Here's the premise for Blockers.
Three parents discover that their daughters, fast friends since kindergarten, have vowed to each lose their virginity on the night of their senior high school prom. And, by god, those parents are going to stop them.
I thought: Ugh. No way.
We do not need more of this anti-sex junk. We need movies about teenage girls acknowledging their sexual desires and pursuing sex like we've seen teenage boys do on-screen since forever. We need movies about parents who trust their daughters with their own bodies. We need movies about happy, pleasurable, mutual, relaxed, comfortable sex between enthusiastic consenting partners who might be madly in love or maybe just looking for some fun.
And, wonder of wonders, that's what Blockers actually is. Color me astonished.
Not that this is a perfect movie. Far from it. The way it's structured is definitely odd: The parents at first appear to be the protagonists who have our sympathy, and then develop into the villains of the tale. I suppose the concept could theoretically work, but that swing never gels here.
But more worrying is that I don't think screenwriters Brian and Jim Kehoe (this is their second script together after 2005's Overachievers) know whom their story is for. Who is the audience for Blockers? Is it adults who need a wake-up call in their relationships with their teens? Is it teens who wish Mom and Dad would have faith in their decisions? Is it meant to be fun for the whole family (leaving the real little kiddies at home, of course)? I think that last one is wildly optimistic, given how we're all just starting as a culture to get comfortable with the whole sex-positive thing.
That said, director Kay Cannon — the Pitch Perfect creator and screenwriter making her directorial debut — has assembled a thoroughly delightful cast to enact this confused but well-meaning scenario, and they make it just about worthwhile.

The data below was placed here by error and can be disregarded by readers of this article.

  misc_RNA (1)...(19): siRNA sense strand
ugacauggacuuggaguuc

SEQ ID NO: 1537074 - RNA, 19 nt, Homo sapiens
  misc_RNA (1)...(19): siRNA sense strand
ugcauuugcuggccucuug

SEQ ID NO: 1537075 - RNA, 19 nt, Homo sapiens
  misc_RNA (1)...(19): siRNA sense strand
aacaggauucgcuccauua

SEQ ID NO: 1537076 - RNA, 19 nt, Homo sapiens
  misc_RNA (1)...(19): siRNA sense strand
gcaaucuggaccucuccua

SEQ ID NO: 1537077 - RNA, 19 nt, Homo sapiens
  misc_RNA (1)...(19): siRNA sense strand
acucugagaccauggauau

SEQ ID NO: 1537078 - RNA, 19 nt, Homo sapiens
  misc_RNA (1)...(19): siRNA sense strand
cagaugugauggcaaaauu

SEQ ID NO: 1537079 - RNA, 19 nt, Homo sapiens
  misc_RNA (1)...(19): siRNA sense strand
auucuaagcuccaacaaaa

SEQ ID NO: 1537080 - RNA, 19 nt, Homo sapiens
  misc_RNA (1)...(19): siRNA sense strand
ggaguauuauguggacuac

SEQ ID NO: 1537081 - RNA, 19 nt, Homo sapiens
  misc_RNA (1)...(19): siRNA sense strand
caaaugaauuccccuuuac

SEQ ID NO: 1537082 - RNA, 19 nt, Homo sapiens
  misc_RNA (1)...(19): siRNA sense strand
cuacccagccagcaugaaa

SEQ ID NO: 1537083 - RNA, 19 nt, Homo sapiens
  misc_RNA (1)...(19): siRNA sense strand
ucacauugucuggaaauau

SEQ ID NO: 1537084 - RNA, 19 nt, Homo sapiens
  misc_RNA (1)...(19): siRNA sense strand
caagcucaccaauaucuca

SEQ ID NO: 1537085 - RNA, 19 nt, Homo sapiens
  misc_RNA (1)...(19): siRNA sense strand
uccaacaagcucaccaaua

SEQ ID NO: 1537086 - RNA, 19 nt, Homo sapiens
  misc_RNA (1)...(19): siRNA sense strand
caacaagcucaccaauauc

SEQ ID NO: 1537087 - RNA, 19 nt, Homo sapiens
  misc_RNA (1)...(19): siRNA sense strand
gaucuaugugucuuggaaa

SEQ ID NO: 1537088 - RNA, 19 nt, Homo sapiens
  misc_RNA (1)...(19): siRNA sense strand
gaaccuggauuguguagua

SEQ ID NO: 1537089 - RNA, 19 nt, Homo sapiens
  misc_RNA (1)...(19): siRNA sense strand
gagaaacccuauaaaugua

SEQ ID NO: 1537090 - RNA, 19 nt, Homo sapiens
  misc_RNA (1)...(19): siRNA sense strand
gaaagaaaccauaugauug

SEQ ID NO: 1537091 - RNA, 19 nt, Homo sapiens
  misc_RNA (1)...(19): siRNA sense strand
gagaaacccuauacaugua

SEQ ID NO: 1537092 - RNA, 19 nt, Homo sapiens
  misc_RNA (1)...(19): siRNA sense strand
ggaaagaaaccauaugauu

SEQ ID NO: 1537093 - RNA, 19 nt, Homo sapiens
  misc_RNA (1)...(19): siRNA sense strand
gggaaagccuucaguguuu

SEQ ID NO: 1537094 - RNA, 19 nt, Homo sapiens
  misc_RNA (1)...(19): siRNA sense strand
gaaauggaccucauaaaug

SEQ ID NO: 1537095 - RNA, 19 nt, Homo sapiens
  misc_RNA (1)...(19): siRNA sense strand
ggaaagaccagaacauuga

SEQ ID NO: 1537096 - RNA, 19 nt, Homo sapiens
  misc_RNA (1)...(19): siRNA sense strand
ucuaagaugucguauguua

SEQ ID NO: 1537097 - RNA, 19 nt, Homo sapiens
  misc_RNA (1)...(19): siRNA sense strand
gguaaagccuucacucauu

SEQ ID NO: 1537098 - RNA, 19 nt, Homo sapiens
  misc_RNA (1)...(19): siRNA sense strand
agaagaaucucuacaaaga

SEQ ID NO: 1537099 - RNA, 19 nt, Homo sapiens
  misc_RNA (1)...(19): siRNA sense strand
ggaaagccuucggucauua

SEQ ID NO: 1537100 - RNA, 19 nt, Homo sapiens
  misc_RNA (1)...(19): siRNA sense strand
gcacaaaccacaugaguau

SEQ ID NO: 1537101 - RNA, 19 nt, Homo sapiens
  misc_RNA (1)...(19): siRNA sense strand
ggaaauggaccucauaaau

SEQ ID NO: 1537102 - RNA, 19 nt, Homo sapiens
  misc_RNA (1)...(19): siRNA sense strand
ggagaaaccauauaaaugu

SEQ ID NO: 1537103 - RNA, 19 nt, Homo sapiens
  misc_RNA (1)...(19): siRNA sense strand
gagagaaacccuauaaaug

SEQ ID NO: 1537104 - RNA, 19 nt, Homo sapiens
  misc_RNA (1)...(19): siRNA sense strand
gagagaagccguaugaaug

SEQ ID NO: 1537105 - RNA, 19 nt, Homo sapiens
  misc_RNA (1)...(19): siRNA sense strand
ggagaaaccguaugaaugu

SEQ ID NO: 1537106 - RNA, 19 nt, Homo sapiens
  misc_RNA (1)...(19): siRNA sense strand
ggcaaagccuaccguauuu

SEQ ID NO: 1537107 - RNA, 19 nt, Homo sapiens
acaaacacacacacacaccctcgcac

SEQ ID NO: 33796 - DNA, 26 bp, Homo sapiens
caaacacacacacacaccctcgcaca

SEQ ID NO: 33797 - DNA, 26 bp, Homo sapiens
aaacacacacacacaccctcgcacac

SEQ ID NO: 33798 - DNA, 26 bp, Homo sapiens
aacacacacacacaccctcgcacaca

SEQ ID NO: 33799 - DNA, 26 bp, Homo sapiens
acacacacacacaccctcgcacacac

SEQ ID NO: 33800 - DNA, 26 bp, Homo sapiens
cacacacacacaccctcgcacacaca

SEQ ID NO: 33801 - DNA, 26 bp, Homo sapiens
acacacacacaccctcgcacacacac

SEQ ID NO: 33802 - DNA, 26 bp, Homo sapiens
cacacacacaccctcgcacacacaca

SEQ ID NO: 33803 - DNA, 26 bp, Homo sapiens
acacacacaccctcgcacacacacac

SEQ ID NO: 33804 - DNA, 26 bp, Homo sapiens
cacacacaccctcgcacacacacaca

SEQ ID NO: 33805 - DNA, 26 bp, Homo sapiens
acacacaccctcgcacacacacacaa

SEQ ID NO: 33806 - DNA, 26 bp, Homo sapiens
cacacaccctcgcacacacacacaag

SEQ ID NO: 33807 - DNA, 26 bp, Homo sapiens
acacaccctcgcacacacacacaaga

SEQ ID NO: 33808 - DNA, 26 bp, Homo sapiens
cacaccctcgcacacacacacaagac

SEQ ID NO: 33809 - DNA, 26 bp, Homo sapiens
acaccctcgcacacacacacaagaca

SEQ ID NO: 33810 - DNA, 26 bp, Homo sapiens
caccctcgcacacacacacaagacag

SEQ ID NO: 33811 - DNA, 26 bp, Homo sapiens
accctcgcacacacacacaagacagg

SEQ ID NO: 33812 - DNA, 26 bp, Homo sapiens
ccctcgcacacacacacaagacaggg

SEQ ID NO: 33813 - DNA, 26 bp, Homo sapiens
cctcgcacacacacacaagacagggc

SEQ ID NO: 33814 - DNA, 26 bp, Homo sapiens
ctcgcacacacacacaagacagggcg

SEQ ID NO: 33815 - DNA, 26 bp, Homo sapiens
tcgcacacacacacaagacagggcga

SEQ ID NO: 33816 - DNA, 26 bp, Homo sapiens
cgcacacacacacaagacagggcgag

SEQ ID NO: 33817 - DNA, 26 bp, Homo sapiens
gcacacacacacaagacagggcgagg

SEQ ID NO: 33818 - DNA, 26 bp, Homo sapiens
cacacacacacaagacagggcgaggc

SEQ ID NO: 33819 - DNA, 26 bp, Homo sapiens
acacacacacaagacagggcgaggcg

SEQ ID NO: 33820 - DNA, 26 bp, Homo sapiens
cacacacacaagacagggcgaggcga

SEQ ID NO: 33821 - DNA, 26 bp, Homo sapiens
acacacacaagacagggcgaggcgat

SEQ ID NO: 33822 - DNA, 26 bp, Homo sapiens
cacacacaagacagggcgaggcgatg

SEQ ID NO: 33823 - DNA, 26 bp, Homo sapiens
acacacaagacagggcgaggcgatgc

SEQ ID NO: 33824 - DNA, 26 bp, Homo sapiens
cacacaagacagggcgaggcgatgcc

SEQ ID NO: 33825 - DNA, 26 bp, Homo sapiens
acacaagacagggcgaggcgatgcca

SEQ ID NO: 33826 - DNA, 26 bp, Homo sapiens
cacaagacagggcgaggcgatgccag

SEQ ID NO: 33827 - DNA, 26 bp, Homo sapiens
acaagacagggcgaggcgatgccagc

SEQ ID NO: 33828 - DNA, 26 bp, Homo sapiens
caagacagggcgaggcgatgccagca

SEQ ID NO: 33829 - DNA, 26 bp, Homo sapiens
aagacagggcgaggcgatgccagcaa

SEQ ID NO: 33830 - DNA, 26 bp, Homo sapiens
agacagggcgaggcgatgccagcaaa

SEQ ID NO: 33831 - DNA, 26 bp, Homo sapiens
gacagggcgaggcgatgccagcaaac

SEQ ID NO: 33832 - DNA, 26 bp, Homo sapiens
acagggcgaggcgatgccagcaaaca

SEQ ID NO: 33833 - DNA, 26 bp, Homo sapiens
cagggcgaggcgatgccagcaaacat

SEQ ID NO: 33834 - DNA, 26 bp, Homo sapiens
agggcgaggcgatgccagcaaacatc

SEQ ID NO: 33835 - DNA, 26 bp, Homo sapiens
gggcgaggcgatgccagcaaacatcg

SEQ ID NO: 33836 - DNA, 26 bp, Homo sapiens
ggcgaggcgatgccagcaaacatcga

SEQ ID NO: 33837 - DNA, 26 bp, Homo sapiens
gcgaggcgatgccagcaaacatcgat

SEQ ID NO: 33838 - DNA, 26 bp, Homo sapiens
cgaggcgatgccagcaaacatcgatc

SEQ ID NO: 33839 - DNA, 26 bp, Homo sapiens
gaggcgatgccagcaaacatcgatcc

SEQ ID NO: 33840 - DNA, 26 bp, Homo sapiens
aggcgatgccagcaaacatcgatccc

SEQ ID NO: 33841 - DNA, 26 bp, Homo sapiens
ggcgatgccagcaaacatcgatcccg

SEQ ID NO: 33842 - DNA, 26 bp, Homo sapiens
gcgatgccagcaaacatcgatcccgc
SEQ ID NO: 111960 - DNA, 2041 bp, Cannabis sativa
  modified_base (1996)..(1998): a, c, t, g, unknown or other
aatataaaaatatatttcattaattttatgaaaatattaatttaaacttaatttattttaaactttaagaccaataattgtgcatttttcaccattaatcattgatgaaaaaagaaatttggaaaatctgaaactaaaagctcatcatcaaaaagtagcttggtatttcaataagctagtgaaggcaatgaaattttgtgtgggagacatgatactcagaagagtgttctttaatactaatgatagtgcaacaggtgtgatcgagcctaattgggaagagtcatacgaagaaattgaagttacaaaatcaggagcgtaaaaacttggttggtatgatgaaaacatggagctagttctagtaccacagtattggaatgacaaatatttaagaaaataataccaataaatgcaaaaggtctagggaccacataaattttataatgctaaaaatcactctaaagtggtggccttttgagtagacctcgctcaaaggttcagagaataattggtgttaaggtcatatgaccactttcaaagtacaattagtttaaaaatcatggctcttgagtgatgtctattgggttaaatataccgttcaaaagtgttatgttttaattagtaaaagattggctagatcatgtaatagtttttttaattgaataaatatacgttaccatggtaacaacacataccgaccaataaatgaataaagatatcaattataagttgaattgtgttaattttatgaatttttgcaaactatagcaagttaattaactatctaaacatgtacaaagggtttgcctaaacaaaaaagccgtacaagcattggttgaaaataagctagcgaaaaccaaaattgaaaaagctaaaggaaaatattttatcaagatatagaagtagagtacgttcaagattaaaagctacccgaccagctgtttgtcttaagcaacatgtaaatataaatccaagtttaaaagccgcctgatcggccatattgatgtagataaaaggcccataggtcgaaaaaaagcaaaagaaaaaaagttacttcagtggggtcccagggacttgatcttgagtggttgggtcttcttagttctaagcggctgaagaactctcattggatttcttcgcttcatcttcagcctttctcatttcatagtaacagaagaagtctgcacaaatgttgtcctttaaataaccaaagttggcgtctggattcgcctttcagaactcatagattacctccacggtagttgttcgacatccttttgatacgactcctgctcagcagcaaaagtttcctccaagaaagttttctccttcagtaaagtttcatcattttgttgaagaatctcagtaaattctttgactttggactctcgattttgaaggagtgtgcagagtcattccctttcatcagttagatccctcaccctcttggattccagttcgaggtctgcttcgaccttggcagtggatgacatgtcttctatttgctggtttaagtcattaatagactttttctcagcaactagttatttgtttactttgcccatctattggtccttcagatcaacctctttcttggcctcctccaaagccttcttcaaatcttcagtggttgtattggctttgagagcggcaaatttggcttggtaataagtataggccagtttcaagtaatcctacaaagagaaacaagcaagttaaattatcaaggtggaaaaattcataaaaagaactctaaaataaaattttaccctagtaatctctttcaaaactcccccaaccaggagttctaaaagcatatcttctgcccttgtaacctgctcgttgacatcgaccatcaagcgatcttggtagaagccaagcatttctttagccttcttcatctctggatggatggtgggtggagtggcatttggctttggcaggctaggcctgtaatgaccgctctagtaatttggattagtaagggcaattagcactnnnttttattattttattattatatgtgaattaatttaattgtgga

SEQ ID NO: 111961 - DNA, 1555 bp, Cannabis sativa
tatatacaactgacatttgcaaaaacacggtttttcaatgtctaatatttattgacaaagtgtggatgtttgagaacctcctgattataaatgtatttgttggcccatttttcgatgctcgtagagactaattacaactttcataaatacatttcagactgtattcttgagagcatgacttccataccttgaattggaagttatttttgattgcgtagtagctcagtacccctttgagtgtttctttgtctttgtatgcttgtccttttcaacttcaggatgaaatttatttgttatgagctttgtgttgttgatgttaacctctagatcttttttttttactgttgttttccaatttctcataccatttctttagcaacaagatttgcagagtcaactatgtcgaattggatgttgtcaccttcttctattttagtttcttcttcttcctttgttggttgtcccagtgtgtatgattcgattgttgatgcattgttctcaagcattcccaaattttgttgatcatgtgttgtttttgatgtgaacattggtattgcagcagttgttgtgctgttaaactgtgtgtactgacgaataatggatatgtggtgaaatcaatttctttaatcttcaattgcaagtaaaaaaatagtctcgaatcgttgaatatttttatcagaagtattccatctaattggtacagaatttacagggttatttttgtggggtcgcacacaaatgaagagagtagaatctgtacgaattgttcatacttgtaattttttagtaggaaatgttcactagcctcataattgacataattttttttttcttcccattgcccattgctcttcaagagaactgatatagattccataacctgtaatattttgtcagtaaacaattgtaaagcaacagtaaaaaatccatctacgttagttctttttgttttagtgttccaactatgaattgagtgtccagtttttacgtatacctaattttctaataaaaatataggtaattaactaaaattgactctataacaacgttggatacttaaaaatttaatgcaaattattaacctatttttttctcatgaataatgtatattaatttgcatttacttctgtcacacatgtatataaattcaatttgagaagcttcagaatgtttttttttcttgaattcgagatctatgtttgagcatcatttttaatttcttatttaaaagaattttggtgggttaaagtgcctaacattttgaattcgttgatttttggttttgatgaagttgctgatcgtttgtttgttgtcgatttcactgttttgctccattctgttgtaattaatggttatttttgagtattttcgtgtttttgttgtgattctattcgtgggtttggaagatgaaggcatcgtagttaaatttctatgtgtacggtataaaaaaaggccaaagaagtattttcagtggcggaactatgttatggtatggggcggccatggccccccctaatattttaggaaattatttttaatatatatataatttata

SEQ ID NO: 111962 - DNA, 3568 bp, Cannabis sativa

Lisa (Leslie Mann) is single mom to Julie (Kathryn Newton). Hunter (Ike Barinholtz) is the absent dad to — but trying to be more involved with — Sam (Gideon Adlon). But the very best pairing is John Cena's overly sentimental, overprotective dad Mitchell and Geraldine Viswanathan's Kayla. Cena has become an unexpectedly sweet screen presence, and he has a real knack for both projecting vulnerability and pulling off physical comedy. Viswanathan is an absolute find: She just about steals the movie with Kayla's breezy charm and rock-solid assertiveness.
The girls all have great chemistry with one another, too, as the parents do among themselves; it's particularly gratifying to see an adult friendship between a man and a woman that is not in the least bit about romance, as Mitchell and Lisa's relationship is. It all makes for a far more genial ensemble than you might expect, given the raunchiness on display, which is often (in these sorts of movies) a substitute for honest emotion.
But there's plenty of genuine sentiment happening here. I also love the casual way in which interracial relationships are handled, just completely without commentary, because it's not needed. Mitchell's wife, Marcie (the awesome Sarayu Blue) is Southeast Asian, and Sam has a black stepdad (the awesome Hannibal Buress).
I wish the film hadn't felt the need to resort to the occasional bit of gross-out humor: It adds nothing and detracts from the larger humanity of the story it wants to tell, about finding more pleasure and confidence in our bodies, not being squicked out by them. Still, baby steps. ♦